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†Multiplex three dimensional brain gene expression mapping in a mouse model of Parkinsonís disease
Vanessa M. Brown, Alex Ossadtchi, Arshad H. Khan, Simon Yee, William P. Melega, Simon R. Cherry, Richard M. Leahy, and Desmond Smith
We are pleased to invite you to explore this web supplementary site for Multiplex three dimensional brain gene expression mapping in a mouse model of Parkinsonís disease.† Through this web site you may access the microarray raw data acquired while performing this research, as well as the computer algorithms used to analyze the raw data and to create the reconstructed images.† If you have any questions regarding the paper or the contents of this supplementary web site, you may contact us at firstname.lastname@example.org.
Voxelation, a novel technology designed to produce high throughput three-dimensional imaging of gene expression patterns in the brain.† In these experiments, mouse brains were dissected into 40 voxels, or cubes, by cutting 10 serial coronal sections and transecting each coronal section into fourths. You may access the voxelation scheme through this web site.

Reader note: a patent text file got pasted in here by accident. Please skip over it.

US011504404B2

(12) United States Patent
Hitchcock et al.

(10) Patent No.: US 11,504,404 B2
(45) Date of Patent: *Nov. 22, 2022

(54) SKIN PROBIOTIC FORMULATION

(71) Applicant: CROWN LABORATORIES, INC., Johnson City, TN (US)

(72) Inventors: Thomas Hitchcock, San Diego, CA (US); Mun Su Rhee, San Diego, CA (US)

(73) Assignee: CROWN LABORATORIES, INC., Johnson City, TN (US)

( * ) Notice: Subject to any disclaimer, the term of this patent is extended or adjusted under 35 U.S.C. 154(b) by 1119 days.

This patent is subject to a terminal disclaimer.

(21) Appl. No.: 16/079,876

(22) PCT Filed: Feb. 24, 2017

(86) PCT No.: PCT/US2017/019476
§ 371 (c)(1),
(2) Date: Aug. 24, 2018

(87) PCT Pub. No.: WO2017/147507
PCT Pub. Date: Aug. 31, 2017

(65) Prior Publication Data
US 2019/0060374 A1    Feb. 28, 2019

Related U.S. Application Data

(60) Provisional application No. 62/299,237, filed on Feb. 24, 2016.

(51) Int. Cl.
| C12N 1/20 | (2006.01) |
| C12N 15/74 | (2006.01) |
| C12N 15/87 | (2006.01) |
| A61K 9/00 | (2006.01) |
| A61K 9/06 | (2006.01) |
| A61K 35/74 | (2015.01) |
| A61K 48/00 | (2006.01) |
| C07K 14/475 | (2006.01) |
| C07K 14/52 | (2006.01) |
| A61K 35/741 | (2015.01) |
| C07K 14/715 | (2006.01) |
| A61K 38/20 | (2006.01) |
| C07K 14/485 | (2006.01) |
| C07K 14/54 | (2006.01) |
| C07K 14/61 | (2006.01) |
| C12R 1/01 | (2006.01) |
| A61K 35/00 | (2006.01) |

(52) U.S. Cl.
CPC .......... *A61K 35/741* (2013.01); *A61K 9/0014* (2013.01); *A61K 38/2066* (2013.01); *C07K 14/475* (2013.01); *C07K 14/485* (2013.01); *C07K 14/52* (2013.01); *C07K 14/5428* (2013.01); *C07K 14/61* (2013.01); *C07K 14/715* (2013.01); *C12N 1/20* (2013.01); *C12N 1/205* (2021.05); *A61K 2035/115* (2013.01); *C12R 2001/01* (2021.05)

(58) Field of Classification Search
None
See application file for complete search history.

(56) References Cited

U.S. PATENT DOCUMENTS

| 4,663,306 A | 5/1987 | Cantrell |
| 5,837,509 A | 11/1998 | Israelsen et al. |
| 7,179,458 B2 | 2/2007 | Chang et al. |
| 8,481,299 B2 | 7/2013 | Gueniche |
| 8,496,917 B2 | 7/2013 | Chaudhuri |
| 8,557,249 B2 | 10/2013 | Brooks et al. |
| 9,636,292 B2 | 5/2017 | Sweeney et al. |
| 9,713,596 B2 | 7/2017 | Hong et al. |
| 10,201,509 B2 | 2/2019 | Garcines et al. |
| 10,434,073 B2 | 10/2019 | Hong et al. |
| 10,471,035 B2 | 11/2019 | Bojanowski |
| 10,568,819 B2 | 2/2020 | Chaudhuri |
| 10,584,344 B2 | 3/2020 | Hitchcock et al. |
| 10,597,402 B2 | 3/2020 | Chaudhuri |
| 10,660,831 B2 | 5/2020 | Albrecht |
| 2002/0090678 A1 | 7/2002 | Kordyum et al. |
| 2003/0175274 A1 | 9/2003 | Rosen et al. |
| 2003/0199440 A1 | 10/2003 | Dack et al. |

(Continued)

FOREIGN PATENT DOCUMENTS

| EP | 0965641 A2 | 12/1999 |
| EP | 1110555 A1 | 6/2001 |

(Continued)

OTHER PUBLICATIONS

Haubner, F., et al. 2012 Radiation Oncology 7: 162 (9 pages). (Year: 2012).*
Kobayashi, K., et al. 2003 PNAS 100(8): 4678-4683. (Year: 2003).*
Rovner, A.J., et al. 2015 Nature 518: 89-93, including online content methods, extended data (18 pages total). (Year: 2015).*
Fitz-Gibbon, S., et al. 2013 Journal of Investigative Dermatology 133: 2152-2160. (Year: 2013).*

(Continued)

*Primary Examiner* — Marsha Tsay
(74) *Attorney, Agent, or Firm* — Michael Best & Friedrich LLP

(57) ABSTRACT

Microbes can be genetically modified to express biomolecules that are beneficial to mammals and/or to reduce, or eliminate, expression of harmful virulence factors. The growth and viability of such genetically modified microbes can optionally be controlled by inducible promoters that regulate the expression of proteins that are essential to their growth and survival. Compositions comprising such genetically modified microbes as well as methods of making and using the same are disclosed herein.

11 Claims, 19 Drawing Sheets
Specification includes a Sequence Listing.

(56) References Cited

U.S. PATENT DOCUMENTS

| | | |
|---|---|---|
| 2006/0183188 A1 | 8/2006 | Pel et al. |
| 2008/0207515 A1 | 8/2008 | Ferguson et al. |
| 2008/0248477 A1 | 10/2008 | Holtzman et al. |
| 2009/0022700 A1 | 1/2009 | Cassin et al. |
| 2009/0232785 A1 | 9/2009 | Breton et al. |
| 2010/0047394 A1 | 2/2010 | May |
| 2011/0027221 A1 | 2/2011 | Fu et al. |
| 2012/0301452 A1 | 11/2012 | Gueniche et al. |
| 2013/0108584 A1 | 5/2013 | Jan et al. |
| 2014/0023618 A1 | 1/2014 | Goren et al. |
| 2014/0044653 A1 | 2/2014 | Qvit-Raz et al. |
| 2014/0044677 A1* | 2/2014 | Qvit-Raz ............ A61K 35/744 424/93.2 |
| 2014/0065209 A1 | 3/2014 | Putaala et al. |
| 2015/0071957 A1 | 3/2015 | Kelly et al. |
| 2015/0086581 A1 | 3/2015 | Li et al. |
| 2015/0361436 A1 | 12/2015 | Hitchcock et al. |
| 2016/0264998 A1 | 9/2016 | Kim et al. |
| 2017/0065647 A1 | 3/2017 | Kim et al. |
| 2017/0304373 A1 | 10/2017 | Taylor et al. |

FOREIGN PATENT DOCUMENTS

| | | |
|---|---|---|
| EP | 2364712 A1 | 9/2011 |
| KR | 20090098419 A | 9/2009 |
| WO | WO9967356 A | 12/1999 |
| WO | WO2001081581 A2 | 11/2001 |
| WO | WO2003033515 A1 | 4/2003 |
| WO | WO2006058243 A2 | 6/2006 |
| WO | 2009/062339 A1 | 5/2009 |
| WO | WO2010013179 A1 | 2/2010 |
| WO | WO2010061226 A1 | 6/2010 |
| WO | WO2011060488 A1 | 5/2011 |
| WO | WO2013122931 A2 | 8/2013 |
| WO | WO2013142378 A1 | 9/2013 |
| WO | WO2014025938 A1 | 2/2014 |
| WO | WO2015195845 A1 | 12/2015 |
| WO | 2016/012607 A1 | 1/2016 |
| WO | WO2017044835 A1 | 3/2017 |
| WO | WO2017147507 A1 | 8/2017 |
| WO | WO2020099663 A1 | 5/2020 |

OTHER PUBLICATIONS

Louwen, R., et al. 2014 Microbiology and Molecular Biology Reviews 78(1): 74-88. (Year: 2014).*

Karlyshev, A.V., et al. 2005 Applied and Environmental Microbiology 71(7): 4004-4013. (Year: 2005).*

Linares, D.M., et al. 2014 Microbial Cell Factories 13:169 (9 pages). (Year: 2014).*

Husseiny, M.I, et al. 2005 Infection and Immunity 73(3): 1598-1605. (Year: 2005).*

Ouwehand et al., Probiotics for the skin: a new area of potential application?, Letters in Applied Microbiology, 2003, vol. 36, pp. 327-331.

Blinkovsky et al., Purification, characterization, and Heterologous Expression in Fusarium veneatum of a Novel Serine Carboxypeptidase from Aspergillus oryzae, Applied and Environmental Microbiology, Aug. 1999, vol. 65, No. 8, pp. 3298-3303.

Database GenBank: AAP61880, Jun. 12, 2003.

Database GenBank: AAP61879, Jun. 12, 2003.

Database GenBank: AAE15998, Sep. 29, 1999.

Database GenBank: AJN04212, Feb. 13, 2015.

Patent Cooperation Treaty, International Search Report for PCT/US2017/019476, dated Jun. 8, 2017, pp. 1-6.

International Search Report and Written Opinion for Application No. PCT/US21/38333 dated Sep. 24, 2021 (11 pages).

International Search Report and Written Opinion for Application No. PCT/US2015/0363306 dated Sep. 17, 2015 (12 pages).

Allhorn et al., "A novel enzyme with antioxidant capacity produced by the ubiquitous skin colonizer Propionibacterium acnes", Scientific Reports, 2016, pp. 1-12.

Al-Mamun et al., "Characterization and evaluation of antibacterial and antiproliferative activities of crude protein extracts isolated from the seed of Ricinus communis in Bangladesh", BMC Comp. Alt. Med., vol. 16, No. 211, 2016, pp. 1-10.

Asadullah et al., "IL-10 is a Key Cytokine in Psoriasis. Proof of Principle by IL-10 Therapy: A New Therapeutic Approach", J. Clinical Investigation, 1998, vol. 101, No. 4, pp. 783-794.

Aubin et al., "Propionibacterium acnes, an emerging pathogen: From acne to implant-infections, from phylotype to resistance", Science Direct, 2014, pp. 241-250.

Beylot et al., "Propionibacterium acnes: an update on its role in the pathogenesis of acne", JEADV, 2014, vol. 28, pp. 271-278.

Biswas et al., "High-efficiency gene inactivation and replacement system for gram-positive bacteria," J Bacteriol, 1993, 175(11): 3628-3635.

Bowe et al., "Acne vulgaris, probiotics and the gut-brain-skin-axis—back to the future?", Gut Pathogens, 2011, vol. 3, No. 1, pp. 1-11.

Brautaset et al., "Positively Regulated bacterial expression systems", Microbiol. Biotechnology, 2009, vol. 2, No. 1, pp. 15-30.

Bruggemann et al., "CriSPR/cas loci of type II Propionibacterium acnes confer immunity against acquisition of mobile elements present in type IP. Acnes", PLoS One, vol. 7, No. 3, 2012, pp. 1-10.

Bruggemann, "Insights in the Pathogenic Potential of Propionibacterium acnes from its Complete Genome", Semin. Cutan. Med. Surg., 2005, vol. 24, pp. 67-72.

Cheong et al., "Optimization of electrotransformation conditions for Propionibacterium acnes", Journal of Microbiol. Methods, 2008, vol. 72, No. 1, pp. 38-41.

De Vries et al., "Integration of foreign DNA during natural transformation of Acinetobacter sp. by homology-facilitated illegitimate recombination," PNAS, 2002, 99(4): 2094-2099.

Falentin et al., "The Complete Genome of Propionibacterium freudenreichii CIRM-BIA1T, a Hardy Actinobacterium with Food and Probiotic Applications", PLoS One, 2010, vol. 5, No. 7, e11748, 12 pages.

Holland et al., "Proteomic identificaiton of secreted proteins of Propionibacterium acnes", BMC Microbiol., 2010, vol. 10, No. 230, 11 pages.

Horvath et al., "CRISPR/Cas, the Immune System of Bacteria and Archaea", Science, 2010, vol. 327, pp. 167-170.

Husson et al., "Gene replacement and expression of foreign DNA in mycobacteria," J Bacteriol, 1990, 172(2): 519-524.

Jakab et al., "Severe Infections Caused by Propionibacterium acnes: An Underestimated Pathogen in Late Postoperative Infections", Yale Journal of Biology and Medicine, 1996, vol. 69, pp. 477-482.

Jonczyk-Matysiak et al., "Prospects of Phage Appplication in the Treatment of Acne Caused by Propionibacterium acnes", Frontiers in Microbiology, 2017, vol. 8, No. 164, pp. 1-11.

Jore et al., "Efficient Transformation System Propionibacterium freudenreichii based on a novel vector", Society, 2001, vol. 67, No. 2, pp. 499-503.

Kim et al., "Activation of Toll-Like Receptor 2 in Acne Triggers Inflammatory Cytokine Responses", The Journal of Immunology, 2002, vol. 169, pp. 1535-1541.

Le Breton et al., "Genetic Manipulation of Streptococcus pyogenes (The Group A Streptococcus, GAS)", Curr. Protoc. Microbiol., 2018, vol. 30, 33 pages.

Using microarrays, the gene expression pattern of 9000 genes was acquired for both a normal and a pharmacological model of Parkinsonís disease (PD) mouse brain.† We have provided the raw data from each of the microarray hybridizations performed for these experiments.† The gene list of the microarray is also provided. Please note that the gene list is a large file and may take some time to download.† A subset of genes found to be differentially expressed between normal and Parkinsonís brains by microarray were verified using real-time RT-PCR.† The primers and probe sequences used for the QRT-PCR verification can be found at this site
Computer algorithms were used to perform quality control analyses, reveal a network of correlated genes shared between the normal brain and PD brain and reconstruct the SVD based images.† Supplementary figures demonstrating correlated gene expression patterns can also be viewed.
Principle Component Reconstruction
From the analyses of the microarray data by computer algorithms, genes that were correlated were identified and a search for putative regulatory regions was performed.† This search resulted in the creation of a gene network based on our experimental data.
This work was supported by grants from the Dana Foundation, Merck Genome Research Institute, W.M. Keck Foundation, National Foundation for Functional Brain Imaging, NIH (DAO15802-01), NSF (0079375), Staglin Music Festival, NARSAD Young Investigator Award, and the UCLA School of Medicine.